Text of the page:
{
        this.Button2.Text = this.AETextBox1.Text;
        this.AETextBox1.UpdateControl(this.Button2);
    }

Conclusion

The four controls that I have made show the power of callback combined with JavaScript methods that can make an ASP.NET application lighter. The goal is simple: update just a specific control in a page and not the entire page. Try it with other controls like GridView!

License

This article, along with any associated source code and files, is licensed under The Microsoft Public License (Ms-PL)

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About the Author

kadaoui el mehdi
Architect
Belgium Belgium
in 2005, I started my career. Net and I could improve in this technology through the project WinFroms. Net 2.0 / MVC2 for "Nestle".

After obtaining my diploma MASTER "MBDS" from the University of Nice Sophia Anti-police, I left to Belguim to work as Expert .Net Analyst Developer.

Currently I specialize in architecture Asp.net to the lowest level.

Meanwhile I remain very active in the community. Net, I created the 1st community. Net Morocco "on Facebook and LinkedIn and twitter, called "Morocco .Net User Group (MONUG)"

Comments and Discussions

 
QuestionNice Control PinmemberYves16-Aug-13 6:26 
AnswerRe: Nice Control Pinmemberkadaoui el mehdi16-Aug-13 23:21 
GeneralMy vote of 5 Pinmembergmoon200017-Jun-13 18:25 
QuestionHello kadaoui Pinmembervaibhavyadav_gkp23-Apr-13 7:55 
QuestionAwesome material PinmemberPetr Kohout22-Dec-12 14:05 
AnswerRe: Awesome material Pinmemberkadaoui el mehdi22-Dec-12 20:19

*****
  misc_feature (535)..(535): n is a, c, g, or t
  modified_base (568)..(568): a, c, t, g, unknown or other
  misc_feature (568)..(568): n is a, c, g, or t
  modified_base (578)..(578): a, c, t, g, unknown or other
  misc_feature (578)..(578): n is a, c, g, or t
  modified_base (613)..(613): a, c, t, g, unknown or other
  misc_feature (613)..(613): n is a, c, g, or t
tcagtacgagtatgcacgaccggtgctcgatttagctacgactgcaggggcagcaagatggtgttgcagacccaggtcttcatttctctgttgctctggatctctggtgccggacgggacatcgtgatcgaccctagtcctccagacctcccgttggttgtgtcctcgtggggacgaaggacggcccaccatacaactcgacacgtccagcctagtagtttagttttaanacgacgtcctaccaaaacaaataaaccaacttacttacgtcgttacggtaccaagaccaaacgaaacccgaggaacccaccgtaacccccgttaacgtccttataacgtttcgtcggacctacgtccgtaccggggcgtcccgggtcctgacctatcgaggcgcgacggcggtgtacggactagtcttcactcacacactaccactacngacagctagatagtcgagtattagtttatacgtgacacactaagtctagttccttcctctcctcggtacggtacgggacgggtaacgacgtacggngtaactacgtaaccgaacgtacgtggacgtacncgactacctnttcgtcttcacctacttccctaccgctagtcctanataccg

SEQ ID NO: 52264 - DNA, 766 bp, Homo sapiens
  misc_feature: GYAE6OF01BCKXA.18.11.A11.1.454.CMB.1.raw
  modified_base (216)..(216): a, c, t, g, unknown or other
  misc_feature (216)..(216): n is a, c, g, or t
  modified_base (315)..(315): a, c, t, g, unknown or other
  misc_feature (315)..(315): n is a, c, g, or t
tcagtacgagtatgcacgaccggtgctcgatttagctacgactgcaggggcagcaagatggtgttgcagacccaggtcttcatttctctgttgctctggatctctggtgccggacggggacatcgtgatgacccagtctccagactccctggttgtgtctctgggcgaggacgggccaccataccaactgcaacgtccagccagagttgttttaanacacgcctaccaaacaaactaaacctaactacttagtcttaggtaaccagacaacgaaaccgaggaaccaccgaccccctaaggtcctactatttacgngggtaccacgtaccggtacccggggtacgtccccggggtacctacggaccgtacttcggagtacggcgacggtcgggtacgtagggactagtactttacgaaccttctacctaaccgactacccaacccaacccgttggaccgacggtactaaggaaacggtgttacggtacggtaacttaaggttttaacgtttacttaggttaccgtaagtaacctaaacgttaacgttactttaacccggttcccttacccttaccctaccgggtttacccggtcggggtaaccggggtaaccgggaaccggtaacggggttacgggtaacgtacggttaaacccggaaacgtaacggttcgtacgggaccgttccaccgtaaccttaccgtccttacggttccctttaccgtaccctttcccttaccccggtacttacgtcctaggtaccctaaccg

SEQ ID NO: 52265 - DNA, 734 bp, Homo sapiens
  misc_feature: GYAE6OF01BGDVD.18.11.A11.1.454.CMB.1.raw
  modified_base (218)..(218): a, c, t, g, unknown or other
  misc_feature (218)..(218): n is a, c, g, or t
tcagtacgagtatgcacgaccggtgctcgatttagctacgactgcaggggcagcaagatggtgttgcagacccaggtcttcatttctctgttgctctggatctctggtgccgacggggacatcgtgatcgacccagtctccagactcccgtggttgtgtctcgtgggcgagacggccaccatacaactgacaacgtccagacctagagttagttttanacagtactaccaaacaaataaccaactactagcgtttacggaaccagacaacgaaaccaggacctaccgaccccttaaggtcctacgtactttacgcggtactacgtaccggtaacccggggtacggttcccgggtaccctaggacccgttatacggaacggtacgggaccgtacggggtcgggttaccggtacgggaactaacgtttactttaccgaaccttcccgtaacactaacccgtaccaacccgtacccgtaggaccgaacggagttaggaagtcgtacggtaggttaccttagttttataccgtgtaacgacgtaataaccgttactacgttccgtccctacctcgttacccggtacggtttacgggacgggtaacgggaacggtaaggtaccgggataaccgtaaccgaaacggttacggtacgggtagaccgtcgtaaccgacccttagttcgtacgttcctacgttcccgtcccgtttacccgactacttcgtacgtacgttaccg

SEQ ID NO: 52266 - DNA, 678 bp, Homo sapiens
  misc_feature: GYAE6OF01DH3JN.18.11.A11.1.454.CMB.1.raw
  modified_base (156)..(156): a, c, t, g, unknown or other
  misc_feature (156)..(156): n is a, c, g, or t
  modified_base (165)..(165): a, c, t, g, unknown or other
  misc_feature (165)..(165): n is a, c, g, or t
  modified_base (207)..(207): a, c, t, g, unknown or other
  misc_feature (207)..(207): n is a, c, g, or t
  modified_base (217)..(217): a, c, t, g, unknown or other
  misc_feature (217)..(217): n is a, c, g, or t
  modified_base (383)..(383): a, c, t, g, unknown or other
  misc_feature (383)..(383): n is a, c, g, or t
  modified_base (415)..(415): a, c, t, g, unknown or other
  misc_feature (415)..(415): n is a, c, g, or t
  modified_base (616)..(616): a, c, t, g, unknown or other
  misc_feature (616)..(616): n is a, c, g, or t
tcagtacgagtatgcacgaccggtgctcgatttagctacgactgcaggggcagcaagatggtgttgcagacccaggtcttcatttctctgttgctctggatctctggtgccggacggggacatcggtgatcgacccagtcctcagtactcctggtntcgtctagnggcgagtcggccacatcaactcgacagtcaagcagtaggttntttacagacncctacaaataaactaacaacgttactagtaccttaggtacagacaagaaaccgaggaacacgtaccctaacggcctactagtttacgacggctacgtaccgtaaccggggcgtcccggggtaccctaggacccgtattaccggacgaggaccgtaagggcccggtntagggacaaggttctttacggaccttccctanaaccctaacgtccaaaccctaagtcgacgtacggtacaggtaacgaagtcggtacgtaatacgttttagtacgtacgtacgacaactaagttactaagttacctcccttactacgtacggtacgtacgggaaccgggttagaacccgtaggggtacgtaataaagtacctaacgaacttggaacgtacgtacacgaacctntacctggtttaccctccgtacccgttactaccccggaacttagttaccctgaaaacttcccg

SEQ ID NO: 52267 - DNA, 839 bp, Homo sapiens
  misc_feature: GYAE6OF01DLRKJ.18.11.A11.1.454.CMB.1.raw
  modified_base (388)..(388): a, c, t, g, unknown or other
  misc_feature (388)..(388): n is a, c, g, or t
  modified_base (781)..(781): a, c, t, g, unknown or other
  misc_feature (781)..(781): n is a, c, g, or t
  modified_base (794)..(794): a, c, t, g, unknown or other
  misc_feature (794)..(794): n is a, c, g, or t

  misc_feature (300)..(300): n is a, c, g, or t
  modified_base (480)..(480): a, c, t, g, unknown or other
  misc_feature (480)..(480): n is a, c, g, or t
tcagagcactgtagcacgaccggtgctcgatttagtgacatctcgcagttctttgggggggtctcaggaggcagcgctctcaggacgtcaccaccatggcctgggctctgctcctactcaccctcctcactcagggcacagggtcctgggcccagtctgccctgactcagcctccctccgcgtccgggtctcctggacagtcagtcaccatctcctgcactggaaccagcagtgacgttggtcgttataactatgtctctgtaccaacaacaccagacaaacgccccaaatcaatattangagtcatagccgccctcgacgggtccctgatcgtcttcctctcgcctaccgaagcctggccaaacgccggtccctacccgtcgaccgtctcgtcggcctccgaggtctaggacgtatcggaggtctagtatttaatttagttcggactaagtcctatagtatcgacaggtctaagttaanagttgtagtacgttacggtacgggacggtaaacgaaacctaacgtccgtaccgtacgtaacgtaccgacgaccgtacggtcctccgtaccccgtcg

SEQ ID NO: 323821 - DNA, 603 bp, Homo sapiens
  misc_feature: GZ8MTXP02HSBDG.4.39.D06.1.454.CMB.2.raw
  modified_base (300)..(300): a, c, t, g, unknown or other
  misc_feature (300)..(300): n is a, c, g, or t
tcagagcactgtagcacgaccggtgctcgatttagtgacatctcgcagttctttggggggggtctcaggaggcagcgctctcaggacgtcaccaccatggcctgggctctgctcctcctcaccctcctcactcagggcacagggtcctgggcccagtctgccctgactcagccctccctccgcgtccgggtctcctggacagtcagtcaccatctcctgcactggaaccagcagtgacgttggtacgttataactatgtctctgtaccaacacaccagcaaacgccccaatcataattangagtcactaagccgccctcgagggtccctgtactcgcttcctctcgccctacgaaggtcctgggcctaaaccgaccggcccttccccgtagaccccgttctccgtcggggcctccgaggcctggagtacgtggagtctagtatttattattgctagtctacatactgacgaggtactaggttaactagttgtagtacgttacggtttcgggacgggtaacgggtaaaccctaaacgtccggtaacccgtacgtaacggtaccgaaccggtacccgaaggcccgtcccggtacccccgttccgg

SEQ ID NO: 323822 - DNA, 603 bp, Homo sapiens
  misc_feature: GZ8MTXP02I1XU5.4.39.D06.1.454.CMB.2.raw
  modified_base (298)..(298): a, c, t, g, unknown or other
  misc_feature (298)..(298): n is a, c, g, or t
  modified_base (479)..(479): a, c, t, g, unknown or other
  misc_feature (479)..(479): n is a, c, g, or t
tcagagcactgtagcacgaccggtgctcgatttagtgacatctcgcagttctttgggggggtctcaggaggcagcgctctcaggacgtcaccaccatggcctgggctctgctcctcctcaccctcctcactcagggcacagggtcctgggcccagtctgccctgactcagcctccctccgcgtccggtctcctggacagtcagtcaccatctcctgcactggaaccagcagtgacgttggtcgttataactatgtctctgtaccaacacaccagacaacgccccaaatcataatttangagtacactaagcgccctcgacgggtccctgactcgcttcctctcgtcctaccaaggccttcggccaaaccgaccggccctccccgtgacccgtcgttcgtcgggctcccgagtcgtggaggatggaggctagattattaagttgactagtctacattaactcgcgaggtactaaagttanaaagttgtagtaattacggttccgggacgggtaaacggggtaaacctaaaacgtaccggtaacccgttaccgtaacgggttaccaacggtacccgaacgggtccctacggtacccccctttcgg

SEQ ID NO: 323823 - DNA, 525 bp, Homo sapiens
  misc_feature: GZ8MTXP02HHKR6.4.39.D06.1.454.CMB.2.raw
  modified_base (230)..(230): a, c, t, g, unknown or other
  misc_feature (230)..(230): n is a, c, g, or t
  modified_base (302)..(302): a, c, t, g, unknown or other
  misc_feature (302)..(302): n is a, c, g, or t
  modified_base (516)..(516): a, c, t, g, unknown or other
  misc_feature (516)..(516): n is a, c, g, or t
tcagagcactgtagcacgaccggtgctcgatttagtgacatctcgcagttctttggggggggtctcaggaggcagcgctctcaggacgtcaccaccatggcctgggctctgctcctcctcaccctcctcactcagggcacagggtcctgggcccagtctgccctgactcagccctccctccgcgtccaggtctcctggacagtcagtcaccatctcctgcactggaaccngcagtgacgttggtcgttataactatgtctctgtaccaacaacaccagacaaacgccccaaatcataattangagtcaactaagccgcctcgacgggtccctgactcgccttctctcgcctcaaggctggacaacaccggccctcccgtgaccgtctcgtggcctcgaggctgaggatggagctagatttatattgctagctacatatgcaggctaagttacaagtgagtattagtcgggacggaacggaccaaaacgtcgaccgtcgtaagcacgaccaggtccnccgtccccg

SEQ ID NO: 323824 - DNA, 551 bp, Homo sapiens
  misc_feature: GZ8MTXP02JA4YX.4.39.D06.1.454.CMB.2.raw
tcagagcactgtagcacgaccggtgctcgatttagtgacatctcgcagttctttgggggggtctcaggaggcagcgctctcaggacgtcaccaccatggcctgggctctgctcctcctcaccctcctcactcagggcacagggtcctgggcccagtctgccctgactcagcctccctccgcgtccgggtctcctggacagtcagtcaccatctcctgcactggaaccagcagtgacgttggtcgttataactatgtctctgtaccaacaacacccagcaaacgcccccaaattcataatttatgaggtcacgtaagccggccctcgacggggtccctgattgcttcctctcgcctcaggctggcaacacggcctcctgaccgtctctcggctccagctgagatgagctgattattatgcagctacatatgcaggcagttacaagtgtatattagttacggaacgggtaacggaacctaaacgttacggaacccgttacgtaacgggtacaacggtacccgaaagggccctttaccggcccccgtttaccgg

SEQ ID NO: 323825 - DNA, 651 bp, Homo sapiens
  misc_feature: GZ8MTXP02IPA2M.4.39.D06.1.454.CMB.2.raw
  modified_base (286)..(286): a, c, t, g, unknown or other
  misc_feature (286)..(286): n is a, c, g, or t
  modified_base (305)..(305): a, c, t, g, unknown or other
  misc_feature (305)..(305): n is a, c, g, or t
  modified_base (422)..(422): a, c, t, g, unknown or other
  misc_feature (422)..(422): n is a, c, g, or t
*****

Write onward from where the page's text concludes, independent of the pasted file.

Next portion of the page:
GeneralMy vote of 5 Pinmemberadkalavadia18-Nov-12 18:20 
GeneralRe: My vote of 5 Pinmemberkadaoui el mehdi18-Nov-12 21:34 
GeneralMy vote of 5 PinmemberDarkjo18-Oct-12 22:46 
GeneralRe: My vote of 5 Pinmemberkadaoui el mehdi18-Oct-12 23:21 
GeneralMy vote of 5 PinmemberD-Kishore4-Sep-12 1:07 
GeneralRe: My vote of 5 Pinmemberkadaoui el mehdi18-Oct-12 23:21 
GeneralMy vote of 5 PinmemberDavidFreeman3-Jan-11 15:15 
GeneralRe: My vote of 5 Pinmemberkadaoui el mehdi8-Jan-11 7:47 
GeneralGood job Pinmemberxupeihua4-Aug-10 17:10 
GeneralRe: Good job Pinmemberkadaoui el mehdi12-Aug-10 10:20 
GeneralMy vote of 1 Pinmembervinodsoni22-May-10 4:21 
GeneralNice article... PinmemberTim Hammer1-Mar-10 2:56 
GeneralRe: Nice article... Pinmemberkadaoui el mehdi3-Sep-10 1:02 
GeneralGreat contribution PinmemberR. M. Masudur15-Feb-10 17:45 
GeneralRe: Great contribution Pinmemberkadaoui el mehdi16-Feb-10 0:40 
GeneralGood job PinmemberMarcelo Ricardo de Oliveira12-Feb-10 23:50 
GeneralRe: Good job Pinmemberkadaoui el mehdi13-Feb-10 2:58 
GeneralNice Ariticle Pinmemberthiru_thiru8-Feb-10 18:59 
GeneralRe: Nice Ariticle Pinmemberkadaoui el mehdi9-Feb-10 1:15 
Hi,
You're welcome Wink | ;)
 

Mehdi.